Craig Graziano

From Python to Purgatory: The Fantastic Films of Terry Gilliam

Monty Python's Flying Circus

When I hear the name Terry Gilliam, the first thing that I see is a gigantic pink foot...crushing everything in its path.

That is because Gilliam was the animator for Monty Python's Flying Circus, the absurdist British comedy troupe of the 1970's that has influenced everyone from Neil Gaiman to the Simpsons. The lone American of the group did surreal collages combining Renaissance paintings, nature sketches, and meat grinders to make a strange world.

When Python's reign ended, Gilliam did not stop his creating. Instead, he launched himself from the animation desk to the director's chair where things became curiouser and curiouser.

Nursery Rhyme Comics

Nursery Rhyme Comics

Nursery Rhyme Comics is an all-star line-up of cartoonists and illustrators who use their artistic chops to put fun spins on all sorts of old rhymes and songs. Fifty rhymes adapted by fifty cartoonists. Woo-hoo! I'd like to take a moment to point some choice selections.

Fitz by Mick Cochrane

Fitz by Mick Cochrane

Fitzgerald does not usually do rash things. He is not as cavalier as his friend Caleb. He is unable to share his feelings with that cute girl Nora, who likes his band. But he did just buy a gun and is holding his father, a man whom he has never met before, hostage. So much for not doing rash things.

Fitz is Mick Cochrane's new young adult novel. The title character, named after F. Scott Fitzgerald, is in desperate need of some father-son quality time. He tracks his dad down like a super sleuth, wanting all sorts of answers. How did his parents meet? Why did he leave? Is he sorry for abandoning his son?

Goliath by Tom Gauld

Goliath by Tom Gauld

The tale has traveled far and wide over the millennia. A sinister, gigantic force of evil is vanquished by a young shepherd with a sling and a small stone. The shepherd grows up to be King David, but we know so little about the nine-foot-tall soldier who was slain. What if his real passion was not killing and maiming but filing clerical paperwork?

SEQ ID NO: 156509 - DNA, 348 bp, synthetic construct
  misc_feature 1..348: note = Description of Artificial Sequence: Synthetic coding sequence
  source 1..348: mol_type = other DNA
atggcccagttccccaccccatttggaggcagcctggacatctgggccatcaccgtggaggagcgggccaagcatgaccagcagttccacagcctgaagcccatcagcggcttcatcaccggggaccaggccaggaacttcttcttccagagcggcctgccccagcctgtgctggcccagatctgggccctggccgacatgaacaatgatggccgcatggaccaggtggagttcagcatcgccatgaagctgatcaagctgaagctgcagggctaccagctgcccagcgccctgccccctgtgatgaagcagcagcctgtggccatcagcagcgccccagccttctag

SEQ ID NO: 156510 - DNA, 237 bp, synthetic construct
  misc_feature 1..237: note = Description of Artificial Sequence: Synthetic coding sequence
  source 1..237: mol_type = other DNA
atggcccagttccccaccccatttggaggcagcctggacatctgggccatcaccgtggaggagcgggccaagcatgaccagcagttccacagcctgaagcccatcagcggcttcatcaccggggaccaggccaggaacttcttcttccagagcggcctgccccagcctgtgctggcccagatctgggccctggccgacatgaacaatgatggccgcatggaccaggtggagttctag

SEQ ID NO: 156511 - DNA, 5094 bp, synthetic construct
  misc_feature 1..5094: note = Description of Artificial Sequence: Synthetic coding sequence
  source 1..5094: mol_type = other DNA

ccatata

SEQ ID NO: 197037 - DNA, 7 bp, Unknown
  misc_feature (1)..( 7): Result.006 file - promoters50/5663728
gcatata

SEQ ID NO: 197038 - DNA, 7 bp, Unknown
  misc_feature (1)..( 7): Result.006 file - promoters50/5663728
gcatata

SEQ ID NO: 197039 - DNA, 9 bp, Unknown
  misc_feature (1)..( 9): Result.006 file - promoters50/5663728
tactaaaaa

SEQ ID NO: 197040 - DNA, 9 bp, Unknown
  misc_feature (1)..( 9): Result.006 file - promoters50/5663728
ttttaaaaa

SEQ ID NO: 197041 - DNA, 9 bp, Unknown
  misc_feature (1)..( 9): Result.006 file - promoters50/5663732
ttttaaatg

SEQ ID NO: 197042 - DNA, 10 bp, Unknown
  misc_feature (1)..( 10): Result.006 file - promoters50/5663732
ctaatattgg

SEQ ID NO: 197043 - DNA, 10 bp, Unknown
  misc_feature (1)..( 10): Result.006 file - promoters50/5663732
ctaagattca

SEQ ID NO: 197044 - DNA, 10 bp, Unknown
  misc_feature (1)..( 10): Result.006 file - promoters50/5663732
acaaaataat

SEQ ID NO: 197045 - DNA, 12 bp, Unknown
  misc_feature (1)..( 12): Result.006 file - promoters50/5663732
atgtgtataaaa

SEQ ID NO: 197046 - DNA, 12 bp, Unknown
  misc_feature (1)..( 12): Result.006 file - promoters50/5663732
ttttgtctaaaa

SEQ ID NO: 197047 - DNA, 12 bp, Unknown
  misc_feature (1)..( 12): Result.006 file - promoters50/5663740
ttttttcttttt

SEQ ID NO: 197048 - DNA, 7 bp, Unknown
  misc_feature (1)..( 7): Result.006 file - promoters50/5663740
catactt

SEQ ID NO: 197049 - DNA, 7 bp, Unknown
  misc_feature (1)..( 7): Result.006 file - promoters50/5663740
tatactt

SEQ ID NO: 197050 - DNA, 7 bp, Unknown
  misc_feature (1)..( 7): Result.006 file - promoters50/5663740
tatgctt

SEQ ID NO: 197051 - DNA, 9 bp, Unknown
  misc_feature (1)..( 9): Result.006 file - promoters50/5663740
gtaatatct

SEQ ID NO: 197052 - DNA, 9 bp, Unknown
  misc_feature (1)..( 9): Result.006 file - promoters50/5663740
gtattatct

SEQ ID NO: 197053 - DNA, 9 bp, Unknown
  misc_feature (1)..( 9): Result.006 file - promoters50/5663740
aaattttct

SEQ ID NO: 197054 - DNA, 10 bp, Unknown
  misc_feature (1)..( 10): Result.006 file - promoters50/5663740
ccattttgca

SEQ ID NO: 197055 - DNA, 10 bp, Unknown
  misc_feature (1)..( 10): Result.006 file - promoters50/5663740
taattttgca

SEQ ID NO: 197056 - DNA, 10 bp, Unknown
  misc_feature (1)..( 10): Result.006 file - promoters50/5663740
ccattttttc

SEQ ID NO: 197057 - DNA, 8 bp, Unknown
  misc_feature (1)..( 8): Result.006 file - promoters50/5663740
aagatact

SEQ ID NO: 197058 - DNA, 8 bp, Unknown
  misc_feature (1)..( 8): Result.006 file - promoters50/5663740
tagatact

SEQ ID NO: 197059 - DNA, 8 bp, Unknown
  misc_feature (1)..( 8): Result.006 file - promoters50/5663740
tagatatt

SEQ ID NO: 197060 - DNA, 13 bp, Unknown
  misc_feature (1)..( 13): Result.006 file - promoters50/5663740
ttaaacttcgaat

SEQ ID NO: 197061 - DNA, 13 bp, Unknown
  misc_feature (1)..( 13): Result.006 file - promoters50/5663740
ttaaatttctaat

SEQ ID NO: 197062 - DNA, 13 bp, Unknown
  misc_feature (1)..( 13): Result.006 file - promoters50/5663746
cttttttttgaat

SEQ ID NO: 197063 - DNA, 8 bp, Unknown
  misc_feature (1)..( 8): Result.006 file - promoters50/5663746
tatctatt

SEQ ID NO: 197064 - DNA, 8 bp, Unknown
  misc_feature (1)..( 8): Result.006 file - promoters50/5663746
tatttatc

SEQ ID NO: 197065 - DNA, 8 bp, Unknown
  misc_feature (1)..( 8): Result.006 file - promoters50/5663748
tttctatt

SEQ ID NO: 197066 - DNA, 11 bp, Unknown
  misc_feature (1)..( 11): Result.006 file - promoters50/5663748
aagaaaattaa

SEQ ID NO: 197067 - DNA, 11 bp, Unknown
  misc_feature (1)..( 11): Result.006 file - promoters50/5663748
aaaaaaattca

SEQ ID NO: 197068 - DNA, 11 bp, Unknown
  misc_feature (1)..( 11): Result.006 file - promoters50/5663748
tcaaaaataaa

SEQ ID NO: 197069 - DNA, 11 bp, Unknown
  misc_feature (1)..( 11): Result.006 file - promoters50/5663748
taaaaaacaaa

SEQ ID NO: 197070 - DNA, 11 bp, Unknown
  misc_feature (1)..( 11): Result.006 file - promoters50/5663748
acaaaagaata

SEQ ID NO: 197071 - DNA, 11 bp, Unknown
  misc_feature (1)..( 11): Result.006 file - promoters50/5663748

Uncle Andy's by James Warhola

Uncle Andy's by James Warhola

Ah, the wacky uncle. He is an institution as old as the concept of family itself. Many can claim to have one, but few can say that his uncle is one of the most important artists of the 20th century. That's where Uncle Andy's, by James Warhola, figures in.

Before Warhol was a painter, a filmmaker, and a celebrity, he was Andrew Warhola. After college, he shortened his name and left his home in Pittsburgh to start an art career in Manhattan. But back in Steel City was Andy's older brother Paul, who worked in a junkyard and was father to seven children, one of whom was our author/illustrator James. Paul used a lot of the trash he found to make sculptures, and if he found something particularly unusual, he would bring it to Andy.

This Is Not My Hat by Jon Klassen

This Is Not My Hat by Jon Klassen

"This hat is not mine. I just stole it."

This is Not My Hat invites us into the mind of a tiny fish who cares nothing for his underwater brethren.  The fish offers many reasons why he will succeed in his crime, why he deserves the hat over the much bigger fish he snatched it from. Obviously, we are dealing with a sociopath here.

Bloody Chester by J.T. Petty; Illustrated by Hilary Florido

Bloody Chester by J.T. Petty; Illustrated by Hilary Florido

Chester Kate's been hired to burn the town of Whale to the ground. Every last building must be razed so the railroad can push on through. Bloody Chester is about to make his mark in the only way he knows how. Maybe then everyone will stop using his other nickname: Lady Kate.

He doesn't have to worry about Whale's citizens. Most of them are already dead from the plague. They call the sickness Coyote Waits. "Waits" because it eats you from the inside. "Coyote" because...well because there's a lot of coyotes out there in the West. 

Me and Earl and the Dying Girl by Jesse Andrews

Me and Earl and the Dying Girl by Jesse Andrews

Right away Greg Gaines, the "Me" of Me and Earl and the Dying Girl, fires a warning shot for readers unaware of what they are about to step into.

I learned absolutely nothing from Rachel's leukemia. In fact, I probably became stupider about life because of the whole thing.

Groundbreaking Reads: Teen Summer Reading Club Trailer

Groundbreaking Reads

Groundbreaking Reads is the theme for this year's Teen Summer Reading Club. And what is more groundbreaking than the fists of zombies as they claw their way out of the soil? Nothing.

That is why we decided to make a zombified promotional video highlighting the details, prizes, and fun of the Teen Summer Reading Club. Librarians from our Headquarters, Salem Church, and England Run locations worked with some of our talented teens to make this funny, informative trailer.  Even the most vacant, drooliest zombie can become a productive member of society with the power of reading!

Be sure to check out our video below and sign up for our Teen Summer Reading Club!